Homogeneous function

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In mathematics, a homogeneous function is one with multiplicative scaling behaviour: if all its arguments are multiplied by a factor, then its value is multiplied by some power of this factor.

For example, a homogeneous function of two variables x and y is a real-valued function that satisfies the condition for some constant and all real numbers . The constant k is called the degree of homogeneity.

More generally, if ƒ : VW is a function between two vector spaces over a field F, and k is an integer, then ƒ is said to be homogeneous of degree k if






for all nonzero α ∈ F and vV. When the vector spaces involved are over the real numbers, a slightly less general form of homogeneity is often used, requiring only that (1) hold for all α > 0.

Homogeneous functions can also be defined for vector spaces with the origin deleted, a fact that is used in the definition of sheaves on projective space in algebraic geometry. More generally, if S ⊂ V is any subset that is invariant under scalar multiplication by elements of the field (a "cone"), then a homogeneous function from S to W can still be defined by (1).


A homogeneous function is not necessarily continuous, as shown by this example. This is the function f defined by if or if . This function is homogeneous of degree 1, i.e. for any real numbers . It is discontinuous at .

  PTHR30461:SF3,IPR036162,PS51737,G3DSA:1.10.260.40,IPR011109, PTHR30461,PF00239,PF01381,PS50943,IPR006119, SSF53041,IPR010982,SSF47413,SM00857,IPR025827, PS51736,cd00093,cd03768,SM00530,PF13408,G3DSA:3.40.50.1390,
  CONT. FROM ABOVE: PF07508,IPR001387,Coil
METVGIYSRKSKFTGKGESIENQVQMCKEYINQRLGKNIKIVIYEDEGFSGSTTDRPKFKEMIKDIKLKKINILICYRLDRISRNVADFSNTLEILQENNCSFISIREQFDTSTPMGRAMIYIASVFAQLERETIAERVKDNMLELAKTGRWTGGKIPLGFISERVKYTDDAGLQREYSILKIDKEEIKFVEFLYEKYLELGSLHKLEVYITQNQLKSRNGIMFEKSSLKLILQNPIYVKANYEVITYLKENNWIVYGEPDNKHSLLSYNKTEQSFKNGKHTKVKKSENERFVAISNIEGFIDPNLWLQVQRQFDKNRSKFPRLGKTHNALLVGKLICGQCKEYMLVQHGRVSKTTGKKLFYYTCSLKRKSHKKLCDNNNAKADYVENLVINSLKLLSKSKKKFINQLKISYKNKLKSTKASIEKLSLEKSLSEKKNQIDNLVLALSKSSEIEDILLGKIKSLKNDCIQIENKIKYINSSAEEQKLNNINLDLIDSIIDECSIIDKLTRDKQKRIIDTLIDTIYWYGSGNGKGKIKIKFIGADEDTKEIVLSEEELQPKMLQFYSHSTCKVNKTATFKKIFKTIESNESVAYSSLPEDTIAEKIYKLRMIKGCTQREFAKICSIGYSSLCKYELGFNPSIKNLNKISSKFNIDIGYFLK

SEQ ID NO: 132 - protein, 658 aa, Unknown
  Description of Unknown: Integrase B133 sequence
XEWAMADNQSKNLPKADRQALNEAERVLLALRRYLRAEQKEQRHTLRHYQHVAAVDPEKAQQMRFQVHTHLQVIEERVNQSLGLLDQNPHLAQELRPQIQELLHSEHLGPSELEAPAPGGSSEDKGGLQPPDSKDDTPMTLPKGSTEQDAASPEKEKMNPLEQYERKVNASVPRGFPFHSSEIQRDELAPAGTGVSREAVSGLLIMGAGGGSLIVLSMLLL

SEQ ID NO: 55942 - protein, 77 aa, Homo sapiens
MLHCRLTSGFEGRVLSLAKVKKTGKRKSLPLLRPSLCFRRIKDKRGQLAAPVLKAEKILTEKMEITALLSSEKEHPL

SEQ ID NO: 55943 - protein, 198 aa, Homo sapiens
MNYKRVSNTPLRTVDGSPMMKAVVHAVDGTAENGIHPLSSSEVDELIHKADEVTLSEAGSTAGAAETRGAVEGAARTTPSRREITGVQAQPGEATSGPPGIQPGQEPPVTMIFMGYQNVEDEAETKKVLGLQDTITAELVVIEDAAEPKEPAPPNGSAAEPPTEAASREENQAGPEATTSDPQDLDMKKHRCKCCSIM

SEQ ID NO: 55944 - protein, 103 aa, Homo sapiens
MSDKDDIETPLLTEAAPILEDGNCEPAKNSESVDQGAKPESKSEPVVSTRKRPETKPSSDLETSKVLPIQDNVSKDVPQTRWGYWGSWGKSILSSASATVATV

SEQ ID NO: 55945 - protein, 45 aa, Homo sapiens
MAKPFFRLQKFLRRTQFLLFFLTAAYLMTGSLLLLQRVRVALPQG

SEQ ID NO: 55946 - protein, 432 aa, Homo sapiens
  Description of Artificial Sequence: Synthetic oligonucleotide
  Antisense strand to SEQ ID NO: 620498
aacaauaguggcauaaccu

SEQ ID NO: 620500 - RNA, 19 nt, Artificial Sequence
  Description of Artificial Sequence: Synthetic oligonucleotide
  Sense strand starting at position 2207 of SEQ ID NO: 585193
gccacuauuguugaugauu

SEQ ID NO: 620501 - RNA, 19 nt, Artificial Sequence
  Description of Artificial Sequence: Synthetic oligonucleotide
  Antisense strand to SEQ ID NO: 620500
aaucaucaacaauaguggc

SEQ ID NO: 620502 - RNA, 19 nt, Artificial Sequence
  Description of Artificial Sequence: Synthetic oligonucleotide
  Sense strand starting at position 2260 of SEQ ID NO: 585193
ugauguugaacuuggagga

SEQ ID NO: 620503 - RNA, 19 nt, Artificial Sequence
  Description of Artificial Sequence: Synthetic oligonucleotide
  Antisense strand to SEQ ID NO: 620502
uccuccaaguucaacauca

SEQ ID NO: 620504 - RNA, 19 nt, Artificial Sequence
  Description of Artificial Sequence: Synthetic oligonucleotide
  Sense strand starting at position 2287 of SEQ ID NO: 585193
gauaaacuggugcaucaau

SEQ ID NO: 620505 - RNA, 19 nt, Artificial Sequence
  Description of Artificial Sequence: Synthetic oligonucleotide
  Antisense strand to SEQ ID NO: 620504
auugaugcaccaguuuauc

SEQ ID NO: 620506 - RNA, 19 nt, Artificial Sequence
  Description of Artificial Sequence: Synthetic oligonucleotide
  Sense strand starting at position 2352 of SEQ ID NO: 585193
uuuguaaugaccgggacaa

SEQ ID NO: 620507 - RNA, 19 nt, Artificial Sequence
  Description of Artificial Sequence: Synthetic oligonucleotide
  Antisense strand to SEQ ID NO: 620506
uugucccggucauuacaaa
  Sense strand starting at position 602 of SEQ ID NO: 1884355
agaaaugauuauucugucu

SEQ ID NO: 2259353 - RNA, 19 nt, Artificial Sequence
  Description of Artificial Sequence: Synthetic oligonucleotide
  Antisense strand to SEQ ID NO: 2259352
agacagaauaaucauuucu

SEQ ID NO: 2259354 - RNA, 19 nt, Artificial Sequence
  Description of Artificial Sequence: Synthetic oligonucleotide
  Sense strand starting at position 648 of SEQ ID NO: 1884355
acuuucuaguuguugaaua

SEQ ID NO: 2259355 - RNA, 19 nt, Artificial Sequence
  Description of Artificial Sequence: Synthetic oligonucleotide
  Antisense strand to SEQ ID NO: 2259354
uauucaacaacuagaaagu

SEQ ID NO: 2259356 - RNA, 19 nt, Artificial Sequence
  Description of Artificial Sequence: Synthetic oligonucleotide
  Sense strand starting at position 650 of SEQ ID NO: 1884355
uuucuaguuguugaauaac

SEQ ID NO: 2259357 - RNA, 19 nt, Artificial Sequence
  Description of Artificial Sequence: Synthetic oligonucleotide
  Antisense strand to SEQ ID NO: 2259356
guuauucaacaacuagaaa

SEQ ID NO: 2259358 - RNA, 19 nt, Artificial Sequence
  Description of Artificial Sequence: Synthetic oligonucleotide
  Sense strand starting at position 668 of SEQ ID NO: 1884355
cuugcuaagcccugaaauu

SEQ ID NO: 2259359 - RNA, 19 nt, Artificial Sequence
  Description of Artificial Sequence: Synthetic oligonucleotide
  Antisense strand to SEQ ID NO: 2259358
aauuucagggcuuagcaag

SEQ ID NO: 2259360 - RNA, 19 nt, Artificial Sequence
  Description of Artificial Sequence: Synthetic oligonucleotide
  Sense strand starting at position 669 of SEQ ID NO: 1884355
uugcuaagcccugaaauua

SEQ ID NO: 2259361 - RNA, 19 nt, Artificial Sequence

Example 1[edit]

The function is homogeneous of degree 2:

For example, suppose x = 2, y = 4 and t = 5. Then

  • f(x,y) = 22 + 42 = 4 + 16 = 20, and
  • f(5x, 5y) = 52 ( 22 + 42) = 25 x 20 = 500.

Linear functions[edit]

Any linear map ƒ : VW is homogeneous of degree 1 since by the definition of linearity

for all α ∈ F and vV. Similarly, any multilinear function ƒ : V1 × V2 × ... VnW is homogeneous of degree n since by the definition of multilinearity

for all α ∈ F and v1V1, v2V2, ..., vnVn. It follows that the n-th differential of a function ƒ : XY between two Banach spaces X and Y is homogeneous of degree n.

Homogeneous polynomials[edit]

Monomials in n variables define homogeneous functions ƒ : FnF. For example,

is homogeneous of degree 10 since

The degree is the sum of the exponents on the variables; in this example, 10=5+2+3.

A homogeneous polynomial is a polynomial made up of a sum of monomials of the same degree. For example,

is a homogeneous polynomial of degree 5. Homogeneous polynomials also define homogeneous functions.

Given a homogeneous polynomial of degree k, it is possible to get a homogeneous function of degree 1 by raising to the power 1/k. So for example, for every k the following function is homogeneous of degree 1:


For every set of weights , the following functions are homogeneous of degree 1:

  • (Leontief utilities)


A multilinear function g : V × V × ... VF from the n-th Cartesian product of V with itself to the underlying field F gives rise to a homogeneous function ƒ : VF by evaluating on the diagonal:

The resulting function ƒ is a polynomial on the vector space V.

Conversely, if F has characteristic zero, then given a homogeneous polynomial ƒ of degree n on V, the polarization of ƒ is a multilinear function g : V × V × ... VF on the n-th Cartesian product of V. The polarization is defined by